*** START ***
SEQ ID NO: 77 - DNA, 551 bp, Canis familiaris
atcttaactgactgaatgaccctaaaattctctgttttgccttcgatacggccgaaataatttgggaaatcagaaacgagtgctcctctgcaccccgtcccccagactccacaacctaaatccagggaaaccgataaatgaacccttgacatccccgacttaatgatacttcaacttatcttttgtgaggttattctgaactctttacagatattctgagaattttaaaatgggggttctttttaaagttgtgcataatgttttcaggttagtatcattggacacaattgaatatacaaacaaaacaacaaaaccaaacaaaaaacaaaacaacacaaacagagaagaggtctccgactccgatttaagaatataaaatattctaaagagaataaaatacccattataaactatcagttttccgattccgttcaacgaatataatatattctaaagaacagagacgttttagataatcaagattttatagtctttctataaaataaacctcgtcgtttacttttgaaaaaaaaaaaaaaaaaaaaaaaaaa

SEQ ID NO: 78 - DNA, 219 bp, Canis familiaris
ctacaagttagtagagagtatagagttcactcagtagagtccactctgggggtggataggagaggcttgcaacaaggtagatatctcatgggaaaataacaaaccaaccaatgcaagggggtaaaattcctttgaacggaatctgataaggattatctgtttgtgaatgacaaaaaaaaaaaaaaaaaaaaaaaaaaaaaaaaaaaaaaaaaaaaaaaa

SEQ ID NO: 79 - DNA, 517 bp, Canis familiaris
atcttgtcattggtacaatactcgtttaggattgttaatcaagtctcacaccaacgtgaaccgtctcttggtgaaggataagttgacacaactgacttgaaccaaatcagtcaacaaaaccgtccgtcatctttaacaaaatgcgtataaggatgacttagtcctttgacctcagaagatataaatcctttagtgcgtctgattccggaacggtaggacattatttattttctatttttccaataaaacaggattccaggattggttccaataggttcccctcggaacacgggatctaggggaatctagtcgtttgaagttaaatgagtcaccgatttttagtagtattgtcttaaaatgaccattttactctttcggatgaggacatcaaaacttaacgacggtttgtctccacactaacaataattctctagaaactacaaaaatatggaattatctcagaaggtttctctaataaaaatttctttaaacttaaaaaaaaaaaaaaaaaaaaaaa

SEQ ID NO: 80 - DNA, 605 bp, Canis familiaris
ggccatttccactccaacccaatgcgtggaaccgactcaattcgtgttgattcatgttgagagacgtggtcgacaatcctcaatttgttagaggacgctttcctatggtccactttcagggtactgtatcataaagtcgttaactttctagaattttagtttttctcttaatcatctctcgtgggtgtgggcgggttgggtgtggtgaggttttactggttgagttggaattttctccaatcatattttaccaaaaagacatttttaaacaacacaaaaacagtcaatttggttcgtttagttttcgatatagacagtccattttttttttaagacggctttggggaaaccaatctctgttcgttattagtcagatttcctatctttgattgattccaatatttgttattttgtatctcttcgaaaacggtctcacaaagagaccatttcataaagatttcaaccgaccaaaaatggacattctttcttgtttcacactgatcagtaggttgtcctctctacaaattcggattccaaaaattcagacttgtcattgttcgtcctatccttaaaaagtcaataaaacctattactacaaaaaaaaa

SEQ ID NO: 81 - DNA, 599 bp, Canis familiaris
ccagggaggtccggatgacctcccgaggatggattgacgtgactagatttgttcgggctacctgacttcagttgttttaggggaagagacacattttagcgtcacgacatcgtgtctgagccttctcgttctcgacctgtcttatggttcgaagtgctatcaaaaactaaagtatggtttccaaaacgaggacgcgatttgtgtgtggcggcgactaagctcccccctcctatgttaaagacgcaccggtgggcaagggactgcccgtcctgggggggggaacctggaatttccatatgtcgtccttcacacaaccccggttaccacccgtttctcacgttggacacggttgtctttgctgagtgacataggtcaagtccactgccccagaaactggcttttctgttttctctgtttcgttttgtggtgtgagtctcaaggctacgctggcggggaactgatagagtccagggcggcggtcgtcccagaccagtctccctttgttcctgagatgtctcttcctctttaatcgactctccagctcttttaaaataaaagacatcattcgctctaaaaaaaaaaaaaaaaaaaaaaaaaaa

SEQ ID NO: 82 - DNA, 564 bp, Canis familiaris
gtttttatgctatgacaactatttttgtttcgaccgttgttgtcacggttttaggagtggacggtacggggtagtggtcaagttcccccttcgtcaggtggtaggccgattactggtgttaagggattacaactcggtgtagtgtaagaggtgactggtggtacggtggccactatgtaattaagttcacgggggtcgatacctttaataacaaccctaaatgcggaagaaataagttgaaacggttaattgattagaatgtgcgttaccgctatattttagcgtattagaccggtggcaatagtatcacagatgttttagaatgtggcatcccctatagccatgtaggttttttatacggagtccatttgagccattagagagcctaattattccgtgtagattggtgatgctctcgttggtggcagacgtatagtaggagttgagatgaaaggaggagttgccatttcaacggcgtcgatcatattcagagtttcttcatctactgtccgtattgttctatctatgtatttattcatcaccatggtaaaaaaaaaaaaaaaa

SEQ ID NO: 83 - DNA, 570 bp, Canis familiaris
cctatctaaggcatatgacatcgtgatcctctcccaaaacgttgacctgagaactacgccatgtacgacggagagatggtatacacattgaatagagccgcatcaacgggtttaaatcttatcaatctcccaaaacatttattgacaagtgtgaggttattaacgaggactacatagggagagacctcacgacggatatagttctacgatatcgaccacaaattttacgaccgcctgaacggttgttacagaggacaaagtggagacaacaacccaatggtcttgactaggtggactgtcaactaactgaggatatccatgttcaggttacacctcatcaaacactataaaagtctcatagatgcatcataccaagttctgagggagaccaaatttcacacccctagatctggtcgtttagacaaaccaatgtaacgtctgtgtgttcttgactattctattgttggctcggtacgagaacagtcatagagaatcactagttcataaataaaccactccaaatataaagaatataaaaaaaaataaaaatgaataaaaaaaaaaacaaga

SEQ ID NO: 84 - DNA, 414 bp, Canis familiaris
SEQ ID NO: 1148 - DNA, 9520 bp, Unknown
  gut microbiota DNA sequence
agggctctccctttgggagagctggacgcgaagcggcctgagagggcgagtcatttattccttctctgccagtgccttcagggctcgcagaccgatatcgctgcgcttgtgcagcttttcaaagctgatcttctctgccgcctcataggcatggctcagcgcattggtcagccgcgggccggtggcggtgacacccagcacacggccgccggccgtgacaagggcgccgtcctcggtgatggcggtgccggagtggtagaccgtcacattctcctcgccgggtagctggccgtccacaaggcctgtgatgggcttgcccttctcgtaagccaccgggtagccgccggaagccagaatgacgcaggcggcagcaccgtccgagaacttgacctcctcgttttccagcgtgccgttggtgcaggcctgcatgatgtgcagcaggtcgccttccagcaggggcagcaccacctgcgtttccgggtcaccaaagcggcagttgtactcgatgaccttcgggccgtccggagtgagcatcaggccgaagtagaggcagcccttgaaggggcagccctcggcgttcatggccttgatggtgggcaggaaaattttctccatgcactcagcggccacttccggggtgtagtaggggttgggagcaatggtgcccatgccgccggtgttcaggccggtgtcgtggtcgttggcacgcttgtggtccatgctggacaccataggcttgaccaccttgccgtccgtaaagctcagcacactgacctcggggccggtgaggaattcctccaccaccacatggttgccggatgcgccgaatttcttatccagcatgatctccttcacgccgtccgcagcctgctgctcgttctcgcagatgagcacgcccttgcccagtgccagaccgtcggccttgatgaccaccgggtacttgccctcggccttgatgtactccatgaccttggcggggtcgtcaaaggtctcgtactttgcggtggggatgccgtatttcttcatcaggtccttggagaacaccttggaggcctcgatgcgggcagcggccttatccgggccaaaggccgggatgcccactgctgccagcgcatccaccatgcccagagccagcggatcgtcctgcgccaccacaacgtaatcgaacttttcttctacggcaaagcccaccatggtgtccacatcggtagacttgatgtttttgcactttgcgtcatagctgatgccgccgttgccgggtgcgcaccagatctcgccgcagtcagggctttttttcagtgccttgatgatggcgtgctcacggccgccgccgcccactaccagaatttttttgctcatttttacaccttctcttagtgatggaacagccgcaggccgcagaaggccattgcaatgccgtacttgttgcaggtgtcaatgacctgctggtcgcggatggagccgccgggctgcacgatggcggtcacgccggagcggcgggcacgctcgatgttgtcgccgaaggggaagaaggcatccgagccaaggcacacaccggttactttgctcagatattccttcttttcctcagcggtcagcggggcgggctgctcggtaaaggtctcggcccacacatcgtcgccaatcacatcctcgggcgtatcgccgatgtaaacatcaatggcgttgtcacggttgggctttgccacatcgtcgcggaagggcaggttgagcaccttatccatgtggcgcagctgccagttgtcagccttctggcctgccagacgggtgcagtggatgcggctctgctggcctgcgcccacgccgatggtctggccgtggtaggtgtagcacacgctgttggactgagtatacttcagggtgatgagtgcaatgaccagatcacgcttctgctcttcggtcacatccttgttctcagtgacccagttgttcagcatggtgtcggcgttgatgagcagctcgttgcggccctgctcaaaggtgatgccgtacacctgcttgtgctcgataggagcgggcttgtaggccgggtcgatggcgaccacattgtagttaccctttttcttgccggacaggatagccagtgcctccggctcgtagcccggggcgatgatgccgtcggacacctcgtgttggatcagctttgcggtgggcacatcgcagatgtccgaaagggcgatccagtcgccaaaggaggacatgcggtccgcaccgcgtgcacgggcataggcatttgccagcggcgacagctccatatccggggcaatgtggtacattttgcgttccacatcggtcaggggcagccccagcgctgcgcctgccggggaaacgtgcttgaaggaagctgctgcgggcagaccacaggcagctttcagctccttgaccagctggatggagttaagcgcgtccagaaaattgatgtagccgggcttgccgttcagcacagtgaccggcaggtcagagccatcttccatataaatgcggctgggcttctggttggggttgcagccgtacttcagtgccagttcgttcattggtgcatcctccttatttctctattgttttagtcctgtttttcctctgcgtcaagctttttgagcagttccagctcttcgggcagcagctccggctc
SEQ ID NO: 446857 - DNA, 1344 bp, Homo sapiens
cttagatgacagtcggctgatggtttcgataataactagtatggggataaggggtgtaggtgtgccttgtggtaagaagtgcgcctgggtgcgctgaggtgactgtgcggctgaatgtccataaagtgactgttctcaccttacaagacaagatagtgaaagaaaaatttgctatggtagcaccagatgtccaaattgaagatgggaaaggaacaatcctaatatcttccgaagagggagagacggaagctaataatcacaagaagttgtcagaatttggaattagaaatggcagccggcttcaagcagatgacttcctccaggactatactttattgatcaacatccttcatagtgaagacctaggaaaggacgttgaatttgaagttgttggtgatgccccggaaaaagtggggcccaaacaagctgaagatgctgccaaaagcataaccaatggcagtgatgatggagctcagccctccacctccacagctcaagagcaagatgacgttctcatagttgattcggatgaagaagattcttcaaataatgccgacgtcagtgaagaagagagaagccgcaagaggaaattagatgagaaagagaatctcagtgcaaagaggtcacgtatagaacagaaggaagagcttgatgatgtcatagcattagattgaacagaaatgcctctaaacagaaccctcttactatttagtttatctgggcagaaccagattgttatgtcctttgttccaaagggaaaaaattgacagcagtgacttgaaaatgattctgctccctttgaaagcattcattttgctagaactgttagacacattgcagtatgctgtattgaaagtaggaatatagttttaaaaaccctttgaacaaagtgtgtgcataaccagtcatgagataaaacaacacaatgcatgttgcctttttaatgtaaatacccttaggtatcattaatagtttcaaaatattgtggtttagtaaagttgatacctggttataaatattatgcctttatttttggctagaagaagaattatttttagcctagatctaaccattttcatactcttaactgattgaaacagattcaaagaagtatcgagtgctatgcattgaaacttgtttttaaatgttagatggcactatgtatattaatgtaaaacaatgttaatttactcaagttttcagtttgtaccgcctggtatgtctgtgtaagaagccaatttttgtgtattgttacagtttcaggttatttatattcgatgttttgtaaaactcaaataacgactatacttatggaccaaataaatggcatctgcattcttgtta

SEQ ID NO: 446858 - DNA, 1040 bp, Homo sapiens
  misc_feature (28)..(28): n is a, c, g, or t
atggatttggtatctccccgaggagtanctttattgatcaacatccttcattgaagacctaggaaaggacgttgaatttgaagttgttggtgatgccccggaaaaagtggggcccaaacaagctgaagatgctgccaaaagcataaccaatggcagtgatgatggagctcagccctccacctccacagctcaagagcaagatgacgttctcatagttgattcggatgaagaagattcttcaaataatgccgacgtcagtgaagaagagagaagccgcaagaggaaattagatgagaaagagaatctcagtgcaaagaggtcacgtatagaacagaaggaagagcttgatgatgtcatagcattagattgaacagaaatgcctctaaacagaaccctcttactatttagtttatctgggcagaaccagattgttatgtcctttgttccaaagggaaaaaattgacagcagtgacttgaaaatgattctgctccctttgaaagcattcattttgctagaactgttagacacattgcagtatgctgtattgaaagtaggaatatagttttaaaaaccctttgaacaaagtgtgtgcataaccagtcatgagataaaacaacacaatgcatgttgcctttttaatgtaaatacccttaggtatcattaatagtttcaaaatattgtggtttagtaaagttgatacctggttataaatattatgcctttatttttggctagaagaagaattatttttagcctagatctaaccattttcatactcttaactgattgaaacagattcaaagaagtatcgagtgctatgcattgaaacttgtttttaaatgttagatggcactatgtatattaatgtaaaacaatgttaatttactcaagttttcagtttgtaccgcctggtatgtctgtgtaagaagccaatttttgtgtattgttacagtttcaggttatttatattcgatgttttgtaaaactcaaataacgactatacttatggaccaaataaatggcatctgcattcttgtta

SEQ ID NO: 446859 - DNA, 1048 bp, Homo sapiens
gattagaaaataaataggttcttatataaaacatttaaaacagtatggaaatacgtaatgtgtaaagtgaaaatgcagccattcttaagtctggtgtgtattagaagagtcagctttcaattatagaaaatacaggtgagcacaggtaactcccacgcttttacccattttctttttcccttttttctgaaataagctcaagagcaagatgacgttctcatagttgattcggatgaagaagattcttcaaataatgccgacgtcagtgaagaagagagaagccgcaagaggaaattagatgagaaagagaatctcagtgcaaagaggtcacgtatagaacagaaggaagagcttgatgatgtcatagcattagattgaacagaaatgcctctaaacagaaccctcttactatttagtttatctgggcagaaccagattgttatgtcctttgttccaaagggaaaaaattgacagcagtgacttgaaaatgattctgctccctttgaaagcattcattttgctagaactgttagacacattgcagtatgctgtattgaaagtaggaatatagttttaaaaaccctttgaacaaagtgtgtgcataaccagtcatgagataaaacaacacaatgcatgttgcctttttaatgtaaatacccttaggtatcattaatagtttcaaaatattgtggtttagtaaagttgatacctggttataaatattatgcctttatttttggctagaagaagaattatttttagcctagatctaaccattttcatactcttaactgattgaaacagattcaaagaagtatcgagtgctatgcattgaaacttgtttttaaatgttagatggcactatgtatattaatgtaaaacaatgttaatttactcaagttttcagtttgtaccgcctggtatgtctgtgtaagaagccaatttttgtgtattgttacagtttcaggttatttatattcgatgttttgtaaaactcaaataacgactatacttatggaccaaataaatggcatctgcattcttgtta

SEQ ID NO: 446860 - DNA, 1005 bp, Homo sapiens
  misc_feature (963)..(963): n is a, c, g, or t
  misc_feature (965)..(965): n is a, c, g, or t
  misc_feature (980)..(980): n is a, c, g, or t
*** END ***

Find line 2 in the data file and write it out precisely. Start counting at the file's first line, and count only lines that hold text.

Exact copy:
atcttaactgactgaatgaccctaaaattctctgttttgccttcgatacggccgaaataatttgggaaatcagaaacgagtgctcctctgcaccccgtcccccagactccacaacctaaatccagggaaaccgataaatgaacccttgacatccccgacttaatgatacttcaacttatcttttgtgaggttattctgaactctttacagatattctgagaattttaaaatgggggttctttttaaagttgtgcataatgttttcaggttagtatcattggacacaattgaatatacaaacaaaacaacaaaaccaaacaaaaaacaaaacaacacaaacagagaagaggtctccgactccgatttaagaatataaaatattctaaagagaataaaatacccattataaactatcagttttccgattccgttcaacgaatataatatattctaaagaacagagacgttttagataatcaagattttatagtctttctataaaataaacctcgtcgtttacttttgaaaaaaaaaaaaaaaaaaaaaaaaaa